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We Deserve Monuments - Review


*I received an e-arc from Roaring Brook Press via NetGalley. All reviews are my own.*


This book turned out waaaay better than I expected, and we can thank @a.j.reads for making my nosey ass find out what it was about. Have ya'll seen her meme review? Anyway, We Deserve Monuments comes from debut author Jas Hammonds, and she showed out on her first book! It comes on time to prepare you for the family drama that will go around the holiday dinner table. You think your family is the epicenter of tea? Shiiiiiiiid



"Seventeen-year-old Avery Anderson is convinced her senior year is ruined when she's uprooted from her life in DC and forced into the hostile home of her terminally ill grandmother, Mama Letty. The tension between Avery’s mom and Mama Letty makes for a frosty arrival and unearths past drama they refuse to talk about. Every time Avery tries to look deeper, she’s turned away, leaving her desperate to learn the secrets that split her family in two.
While tempers flare in her avoidant family, Avery finds friendship in unexpected places: in Simone Cole, her captivating next-door neighbor, and Jade Oliver, daughter of the town’s most prominent family—whose mother’s murder remains unsolved.
As the three girls grow closer—Avery and Simone’s friendship blossoming into romance—the sharp-edged opinions of their small southern town begin to hint at something insidious underneath. The racist history of Bardell, Georgia is rooted in Avery’s family in ways she can’t even imagine. With Mama Letty's health dwindling every day, Avery must decide if digging for the truth is worth toppling the delicate relationships she's built in Bardell—or if some things are better left buried."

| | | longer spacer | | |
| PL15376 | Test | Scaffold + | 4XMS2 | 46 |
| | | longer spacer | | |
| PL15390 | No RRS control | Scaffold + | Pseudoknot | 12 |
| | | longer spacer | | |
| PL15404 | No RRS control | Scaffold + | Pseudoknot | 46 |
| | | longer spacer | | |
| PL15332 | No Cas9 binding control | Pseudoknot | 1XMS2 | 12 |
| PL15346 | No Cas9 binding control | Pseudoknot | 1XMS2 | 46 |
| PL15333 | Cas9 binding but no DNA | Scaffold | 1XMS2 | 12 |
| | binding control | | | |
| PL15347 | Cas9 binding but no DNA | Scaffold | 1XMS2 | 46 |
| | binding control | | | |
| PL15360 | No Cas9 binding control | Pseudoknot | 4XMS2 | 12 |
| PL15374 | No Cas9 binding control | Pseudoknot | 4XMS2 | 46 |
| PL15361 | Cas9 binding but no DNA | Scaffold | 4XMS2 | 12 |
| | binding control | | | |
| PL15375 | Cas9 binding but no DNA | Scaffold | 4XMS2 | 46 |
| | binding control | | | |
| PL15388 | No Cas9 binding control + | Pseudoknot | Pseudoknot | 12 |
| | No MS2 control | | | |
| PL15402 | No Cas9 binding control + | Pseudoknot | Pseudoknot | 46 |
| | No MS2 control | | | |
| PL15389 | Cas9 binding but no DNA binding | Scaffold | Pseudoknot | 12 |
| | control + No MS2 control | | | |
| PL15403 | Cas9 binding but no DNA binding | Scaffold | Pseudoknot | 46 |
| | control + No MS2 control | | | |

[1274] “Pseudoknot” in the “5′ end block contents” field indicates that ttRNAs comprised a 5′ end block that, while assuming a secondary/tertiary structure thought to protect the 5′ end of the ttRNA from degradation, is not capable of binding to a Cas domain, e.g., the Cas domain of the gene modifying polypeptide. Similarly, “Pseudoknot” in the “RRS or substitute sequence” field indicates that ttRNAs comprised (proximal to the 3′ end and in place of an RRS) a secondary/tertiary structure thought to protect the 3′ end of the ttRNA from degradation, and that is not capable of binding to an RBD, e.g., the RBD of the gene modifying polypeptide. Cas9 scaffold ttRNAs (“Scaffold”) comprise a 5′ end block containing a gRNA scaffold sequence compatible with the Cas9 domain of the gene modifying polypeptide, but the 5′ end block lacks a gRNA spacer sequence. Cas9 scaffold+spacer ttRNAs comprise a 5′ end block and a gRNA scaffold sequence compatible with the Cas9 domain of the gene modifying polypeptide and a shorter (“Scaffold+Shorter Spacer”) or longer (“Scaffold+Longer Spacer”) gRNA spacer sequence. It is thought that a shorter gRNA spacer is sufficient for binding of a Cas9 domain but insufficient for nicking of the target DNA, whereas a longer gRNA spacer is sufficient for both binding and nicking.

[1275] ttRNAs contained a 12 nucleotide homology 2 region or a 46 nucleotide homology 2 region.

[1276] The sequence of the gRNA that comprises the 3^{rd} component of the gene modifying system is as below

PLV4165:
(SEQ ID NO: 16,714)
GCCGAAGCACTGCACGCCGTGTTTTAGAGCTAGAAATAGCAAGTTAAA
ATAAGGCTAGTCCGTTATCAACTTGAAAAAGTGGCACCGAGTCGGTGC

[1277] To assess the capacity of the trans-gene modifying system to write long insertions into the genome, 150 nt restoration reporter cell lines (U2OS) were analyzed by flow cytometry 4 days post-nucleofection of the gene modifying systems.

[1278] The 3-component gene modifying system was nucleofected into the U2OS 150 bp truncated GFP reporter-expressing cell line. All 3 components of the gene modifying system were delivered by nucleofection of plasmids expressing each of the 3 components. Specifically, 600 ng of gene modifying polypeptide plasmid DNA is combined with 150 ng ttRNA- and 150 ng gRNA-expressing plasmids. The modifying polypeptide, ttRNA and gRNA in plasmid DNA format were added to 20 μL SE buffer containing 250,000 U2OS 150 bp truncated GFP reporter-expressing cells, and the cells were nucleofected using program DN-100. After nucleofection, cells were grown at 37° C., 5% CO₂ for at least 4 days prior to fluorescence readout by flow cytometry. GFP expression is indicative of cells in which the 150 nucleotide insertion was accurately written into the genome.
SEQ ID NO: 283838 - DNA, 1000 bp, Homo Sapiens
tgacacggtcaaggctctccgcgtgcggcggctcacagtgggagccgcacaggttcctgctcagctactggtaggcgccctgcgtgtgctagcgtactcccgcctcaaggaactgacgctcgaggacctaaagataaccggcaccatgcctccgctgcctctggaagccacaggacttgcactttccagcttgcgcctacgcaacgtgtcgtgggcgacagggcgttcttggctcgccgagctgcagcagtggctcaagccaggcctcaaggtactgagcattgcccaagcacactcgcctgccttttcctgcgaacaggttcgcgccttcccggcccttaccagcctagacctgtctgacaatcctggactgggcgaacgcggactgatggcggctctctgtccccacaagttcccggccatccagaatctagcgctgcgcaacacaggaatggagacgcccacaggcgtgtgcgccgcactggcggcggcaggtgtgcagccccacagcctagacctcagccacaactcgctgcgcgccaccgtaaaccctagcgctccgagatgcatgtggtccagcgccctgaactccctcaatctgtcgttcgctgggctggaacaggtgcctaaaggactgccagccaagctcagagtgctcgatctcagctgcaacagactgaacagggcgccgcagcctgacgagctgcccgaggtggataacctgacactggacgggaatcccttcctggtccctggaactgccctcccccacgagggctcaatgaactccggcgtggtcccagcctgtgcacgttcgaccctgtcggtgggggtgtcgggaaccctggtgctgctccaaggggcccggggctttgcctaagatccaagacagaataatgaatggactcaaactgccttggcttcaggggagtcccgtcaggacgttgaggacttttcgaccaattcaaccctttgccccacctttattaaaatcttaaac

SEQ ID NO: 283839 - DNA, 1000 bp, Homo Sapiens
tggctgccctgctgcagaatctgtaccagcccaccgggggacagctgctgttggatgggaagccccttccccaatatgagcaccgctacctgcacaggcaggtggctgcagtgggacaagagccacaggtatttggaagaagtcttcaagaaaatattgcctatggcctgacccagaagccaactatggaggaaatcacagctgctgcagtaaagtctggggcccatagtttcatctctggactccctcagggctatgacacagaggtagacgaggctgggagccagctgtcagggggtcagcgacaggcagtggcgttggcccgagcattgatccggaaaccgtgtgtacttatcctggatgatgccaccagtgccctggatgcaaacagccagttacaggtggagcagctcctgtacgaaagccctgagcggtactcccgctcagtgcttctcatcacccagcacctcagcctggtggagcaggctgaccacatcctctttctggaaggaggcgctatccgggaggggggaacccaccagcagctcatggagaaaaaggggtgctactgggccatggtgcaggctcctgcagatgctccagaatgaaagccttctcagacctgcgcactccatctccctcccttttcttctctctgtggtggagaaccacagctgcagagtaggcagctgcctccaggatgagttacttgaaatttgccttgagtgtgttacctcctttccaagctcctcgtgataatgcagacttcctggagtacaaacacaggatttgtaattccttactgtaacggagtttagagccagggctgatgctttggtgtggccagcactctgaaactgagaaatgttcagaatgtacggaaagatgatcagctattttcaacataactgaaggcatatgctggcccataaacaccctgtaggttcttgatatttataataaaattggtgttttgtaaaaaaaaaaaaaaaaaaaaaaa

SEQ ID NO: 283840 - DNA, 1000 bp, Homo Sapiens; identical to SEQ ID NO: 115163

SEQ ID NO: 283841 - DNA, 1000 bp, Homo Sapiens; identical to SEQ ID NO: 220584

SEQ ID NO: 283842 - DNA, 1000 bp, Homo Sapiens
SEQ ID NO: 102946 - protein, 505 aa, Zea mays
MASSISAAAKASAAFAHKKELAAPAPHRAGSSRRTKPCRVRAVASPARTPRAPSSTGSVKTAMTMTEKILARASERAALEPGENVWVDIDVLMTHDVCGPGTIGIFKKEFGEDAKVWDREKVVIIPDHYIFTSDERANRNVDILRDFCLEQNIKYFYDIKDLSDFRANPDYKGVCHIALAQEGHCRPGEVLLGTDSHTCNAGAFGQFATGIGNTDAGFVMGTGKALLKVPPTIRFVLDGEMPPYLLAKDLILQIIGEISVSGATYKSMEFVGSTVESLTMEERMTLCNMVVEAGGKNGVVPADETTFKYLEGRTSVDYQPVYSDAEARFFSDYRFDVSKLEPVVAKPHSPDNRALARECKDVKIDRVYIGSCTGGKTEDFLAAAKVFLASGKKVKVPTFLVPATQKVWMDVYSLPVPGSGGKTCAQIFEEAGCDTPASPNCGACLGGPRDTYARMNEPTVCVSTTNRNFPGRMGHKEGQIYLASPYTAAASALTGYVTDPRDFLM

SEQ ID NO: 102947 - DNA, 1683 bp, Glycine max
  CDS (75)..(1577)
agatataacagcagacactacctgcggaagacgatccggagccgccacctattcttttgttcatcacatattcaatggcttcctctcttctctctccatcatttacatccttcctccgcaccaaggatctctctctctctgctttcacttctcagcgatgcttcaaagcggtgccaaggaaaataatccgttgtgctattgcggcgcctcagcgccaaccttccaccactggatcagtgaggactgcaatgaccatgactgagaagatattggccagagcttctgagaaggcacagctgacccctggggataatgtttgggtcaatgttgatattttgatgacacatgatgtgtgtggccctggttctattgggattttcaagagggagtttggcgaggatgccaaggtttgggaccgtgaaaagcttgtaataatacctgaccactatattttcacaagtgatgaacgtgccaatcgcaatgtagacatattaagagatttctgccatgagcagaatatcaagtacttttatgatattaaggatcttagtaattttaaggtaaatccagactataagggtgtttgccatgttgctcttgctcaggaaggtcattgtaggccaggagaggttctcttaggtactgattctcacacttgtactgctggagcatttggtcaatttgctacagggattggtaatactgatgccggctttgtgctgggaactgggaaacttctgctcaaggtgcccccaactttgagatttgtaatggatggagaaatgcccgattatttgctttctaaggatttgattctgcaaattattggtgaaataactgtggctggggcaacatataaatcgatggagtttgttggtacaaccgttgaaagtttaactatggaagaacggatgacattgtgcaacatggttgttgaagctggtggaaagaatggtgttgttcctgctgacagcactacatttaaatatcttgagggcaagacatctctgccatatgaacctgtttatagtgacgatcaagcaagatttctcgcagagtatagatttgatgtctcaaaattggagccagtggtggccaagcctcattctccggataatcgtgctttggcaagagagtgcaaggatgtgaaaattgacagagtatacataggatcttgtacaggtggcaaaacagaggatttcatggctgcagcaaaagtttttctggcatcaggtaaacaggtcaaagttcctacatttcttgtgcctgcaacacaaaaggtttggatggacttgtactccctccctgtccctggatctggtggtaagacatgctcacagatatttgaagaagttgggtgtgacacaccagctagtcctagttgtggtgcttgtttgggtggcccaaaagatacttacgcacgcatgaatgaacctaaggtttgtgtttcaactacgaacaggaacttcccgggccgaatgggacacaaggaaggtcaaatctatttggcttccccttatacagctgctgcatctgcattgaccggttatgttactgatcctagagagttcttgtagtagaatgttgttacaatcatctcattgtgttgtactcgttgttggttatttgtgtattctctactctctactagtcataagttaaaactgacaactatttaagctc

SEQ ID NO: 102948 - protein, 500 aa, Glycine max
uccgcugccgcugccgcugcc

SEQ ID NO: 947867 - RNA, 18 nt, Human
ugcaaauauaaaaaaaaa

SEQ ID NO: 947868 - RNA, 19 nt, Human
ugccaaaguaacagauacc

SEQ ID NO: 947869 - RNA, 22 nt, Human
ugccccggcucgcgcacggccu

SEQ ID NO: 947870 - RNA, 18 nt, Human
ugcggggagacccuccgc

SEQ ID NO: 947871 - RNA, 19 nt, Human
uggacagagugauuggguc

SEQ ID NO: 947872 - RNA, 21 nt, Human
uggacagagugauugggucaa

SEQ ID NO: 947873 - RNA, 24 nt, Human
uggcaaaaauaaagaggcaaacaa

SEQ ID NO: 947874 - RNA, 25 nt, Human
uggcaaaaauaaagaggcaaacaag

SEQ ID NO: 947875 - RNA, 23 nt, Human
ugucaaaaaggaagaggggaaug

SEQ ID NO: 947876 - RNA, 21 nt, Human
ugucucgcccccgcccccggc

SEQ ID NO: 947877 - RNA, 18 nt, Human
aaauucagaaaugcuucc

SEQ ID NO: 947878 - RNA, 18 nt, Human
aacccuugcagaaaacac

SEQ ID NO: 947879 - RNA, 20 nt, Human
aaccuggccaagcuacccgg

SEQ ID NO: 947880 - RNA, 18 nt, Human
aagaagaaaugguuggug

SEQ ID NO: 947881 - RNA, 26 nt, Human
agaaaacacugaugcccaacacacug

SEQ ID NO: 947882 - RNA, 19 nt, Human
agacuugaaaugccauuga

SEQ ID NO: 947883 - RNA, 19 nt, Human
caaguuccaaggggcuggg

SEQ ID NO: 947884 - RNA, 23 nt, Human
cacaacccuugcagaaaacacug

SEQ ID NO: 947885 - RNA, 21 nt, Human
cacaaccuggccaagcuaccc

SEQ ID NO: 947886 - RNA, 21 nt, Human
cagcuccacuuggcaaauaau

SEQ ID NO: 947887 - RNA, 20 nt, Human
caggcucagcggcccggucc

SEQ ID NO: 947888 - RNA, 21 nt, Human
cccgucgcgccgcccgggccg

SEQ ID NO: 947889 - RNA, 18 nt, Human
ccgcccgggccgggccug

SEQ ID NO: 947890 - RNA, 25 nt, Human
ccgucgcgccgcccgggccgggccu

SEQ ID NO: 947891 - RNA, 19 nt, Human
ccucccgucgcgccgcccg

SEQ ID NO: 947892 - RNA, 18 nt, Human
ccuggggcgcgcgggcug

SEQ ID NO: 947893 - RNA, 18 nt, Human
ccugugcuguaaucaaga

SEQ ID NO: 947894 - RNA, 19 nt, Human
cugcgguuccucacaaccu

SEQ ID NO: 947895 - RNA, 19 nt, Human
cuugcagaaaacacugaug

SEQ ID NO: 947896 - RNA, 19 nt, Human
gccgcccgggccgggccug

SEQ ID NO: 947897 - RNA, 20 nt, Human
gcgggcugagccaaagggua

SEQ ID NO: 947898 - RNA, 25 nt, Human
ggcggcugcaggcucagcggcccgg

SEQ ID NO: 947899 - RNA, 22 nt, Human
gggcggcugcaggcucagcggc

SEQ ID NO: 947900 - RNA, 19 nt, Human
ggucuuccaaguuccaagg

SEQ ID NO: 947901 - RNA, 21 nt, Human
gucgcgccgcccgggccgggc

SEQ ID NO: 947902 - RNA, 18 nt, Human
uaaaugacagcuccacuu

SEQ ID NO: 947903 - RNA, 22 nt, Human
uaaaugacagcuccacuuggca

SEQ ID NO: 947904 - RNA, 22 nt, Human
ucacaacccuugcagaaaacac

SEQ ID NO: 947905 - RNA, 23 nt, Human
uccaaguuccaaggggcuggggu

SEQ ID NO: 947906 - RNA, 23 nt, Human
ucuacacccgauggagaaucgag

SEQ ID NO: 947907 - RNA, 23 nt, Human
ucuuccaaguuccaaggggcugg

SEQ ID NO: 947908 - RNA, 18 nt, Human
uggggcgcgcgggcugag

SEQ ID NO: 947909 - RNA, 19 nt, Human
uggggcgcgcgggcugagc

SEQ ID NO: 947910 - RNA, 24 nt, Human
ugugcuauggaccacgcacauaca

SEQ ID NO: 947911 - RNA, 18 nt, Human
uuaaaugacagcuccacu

I had the pleasure of experiencing this book via audio, and the narrator Tamika Katon-Donegal did an excellent job portraying the characters throughout the story.


My favorite theme of this story is the truth of generational trauma. I believe the characters in this story got a better side of the coin than most people in real life. I can say with most black families, there isn't much apologizing and self-awareness. Most people don't get the luxury of seeking therapy or pouring their all into their passions. Sometimes it's the bitterness that sticks with family and keeps churning out broken people—not saying that the Anderson's didn't have their moment. I liked how Hammonds created more profound talking points about the drama from the past and came to an equal stance on the matter.


The characters were easy to love, roll your eyes to, cry, and grow with. I love the expressions the main character, Avery, had with herself, even as she was still figuring out her worth. The storyline of the death of Mama Letty's husband was crazy. I was not expecting the turn of events that ended the book, and my jaw dropped with the revelation. You gotta read it!



Overall I rated this book 4.5 stars. This story was sad but incredible. I loved watching the characters develop over time, and as heartbreaking as it was, I loved the story's outcome. Jas Hammonds, you deserve your monuments and crown of flowers.


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